A solicitor`s remuneration for conveyancing business is governed by a scale set out in the First Schedule to the Legal Profession (Solicitors` Remuneration) Order and the scale fee which was properly chargeable by the respondent for acting in the purchase of the property was $1,975. The respondent admitted that the conveyancing fee, which amounted to $6,725, should not have exceeded $1,975. There is no scale charge for the filing of an application for lapsing of caution. However, the Law Society asserted and the respondent admitted that the fee properly chargeable was $100, as against the $3,000 charged by the respondent.

Soon after the complaint was lodged the respondent gave the complainant credit for the total amount overcharged. The respondent contended that, although his conduct in overcharging was open to criticism, he was not guilty of grossly improper conduct within the meaning of s 83(2)(b) of the Legal Profession Act, such that there existed cause of sufficient gravity for disciplinary action against him.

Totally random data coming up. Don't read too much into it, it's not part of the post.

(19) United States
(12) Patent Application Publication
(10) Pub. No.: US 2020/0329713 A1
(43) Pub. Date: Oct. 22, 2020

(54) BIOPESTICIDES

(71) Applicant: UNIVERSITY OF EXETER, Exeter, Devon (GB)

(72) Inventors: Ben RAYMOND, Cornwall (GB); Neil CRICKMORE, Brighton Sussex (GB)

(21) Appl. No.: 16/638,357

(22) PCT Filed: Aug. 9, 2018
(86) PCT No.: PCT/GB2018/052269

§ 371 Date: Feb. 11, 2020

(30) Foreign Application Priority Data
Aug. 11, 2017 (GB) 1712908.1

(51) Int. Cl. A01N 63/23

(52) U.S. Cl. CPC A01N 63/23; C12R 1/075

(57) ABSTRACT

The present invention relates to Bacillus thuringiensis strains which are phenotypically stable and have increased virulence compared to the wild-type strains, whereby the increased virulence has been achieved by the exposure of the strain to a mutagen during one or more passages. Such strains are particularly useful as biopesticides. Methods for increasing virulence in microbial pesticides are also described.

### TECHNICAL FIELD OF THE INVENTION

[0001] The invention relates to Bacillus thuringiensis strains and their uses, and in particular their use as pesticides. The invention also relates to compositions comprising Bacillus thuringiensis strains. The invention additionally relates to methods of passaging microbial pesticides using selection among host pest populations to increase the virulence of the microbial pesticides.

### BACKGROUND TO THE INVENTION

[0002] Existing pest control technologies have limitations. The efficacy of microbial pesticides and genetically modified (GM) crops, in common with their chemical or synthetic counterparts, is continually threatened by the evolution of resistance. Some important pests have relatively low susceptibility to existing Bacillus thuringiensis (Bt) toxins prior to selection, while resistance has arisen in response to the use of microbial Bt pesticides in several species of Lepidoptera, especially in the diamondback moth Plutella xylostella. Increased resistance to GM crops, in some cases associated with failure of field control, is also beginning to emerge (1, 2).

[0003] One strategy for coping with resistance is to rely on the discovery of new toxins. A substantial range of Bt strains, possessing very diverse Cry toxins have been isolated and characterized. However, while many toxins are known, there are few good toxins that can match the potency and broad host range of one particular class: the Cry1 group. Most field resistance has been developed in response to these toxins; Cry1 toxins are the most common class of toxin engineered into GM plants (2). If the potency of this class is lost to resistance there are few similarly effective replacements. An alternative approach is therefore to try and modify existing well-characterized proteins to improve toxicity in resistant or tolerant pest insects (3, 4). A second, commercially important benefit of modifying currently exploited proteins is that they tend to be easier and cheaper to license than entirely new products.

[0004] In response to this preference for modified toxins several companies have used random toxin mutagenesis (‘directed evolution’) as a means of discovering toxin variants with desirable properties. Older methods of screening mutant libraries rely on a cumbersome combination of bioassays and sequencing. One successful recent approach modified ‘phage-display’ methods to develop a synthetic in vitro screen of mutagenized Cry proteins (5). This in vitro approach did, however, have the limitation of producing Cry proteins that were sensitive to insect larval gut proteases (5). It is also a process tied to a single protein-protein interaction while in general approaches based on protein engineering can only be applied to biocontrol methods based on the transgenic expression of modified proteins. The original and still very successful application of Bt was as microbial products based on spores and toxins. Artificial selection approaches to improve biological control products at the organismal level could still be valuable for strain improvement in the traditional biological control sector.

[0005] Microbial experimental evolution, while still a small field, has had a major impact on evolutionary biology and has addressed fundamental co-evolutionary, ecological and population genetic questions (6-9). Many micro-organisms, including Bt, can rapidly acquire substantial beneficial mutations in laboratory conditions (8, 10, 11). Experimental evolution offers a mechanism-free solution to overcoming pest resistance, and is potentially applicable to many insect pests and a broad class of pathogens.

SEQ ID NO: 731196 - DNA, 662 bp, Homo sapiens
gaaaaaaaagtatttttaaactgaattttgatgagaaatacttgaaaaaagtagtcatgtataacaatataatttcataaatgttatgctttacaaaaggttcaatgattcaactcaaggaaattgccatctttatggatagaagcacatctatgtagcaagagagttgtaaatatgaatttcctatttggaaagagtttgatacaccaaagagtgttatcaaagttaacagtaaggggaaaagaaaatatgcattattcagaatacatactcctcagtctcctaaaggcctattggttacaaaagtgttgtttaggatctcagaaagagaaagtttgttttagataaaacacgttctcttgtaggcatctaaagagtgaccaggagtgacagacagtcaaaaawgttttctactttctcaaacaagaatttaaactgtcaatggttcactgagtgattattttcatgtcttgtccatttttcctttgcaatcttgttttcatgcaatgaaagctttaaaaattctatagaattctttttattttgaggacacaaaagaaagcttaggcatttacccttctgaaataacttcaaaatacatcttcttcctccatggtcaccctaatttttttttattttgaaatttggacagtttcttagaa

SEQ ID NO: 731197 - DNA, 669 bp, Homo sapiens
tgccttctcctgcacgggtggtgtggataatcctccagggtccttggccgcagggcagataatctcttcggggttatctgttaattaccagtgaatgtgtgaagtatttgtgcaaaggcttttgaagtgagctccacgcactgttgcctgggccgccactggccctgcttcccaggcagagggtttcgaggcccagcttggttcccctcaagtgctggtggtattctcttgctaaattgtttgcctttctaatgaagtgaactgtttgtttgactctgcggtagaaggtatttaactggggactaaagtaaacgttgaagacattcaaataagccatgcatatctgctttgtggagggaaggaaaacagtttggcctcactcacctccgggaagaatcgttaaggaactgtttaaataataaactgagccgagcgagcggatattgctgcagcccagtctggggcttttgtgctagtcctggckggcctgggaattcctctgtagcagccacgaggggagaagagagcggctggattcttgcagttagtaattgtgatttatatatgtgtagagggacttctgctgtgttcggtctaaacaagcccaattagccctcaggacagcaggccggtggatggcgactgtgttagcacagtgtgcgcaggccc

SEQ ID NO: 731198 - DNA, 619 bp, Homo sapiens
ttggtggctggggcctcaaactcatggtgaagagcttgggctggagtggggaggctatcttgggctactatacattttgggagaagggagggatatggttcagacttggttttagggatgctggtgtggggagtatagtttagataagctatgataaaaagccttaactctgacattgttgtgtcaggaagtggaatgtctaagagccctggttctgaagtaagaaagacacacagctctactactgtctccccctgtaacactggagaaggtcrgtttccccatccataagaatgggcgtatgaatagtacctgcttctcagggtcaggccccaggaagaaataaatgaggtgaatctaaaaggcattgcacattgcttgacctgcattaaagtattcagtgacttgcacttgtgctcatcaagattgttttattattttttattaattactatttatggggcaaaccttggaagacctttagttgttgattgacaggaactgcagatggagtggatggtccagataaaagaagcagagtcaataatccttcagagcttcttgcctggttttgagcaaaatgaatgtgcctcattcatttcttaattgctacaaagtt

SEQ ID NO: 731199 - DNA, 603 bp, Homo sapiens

Until the day before the hearing before the disciplinary committee commenced, the respondent`s explanations in letters to the inquiry committee and in his defence filed on 15 May 1992, after the inquiry committee had investigated the matter, were:

(i) that he had had no conveyancing experience prior to commencing practice in 1983;

(ii) that when he rendered the bill in question in 1988 he had had limited experience with conveyancing bills;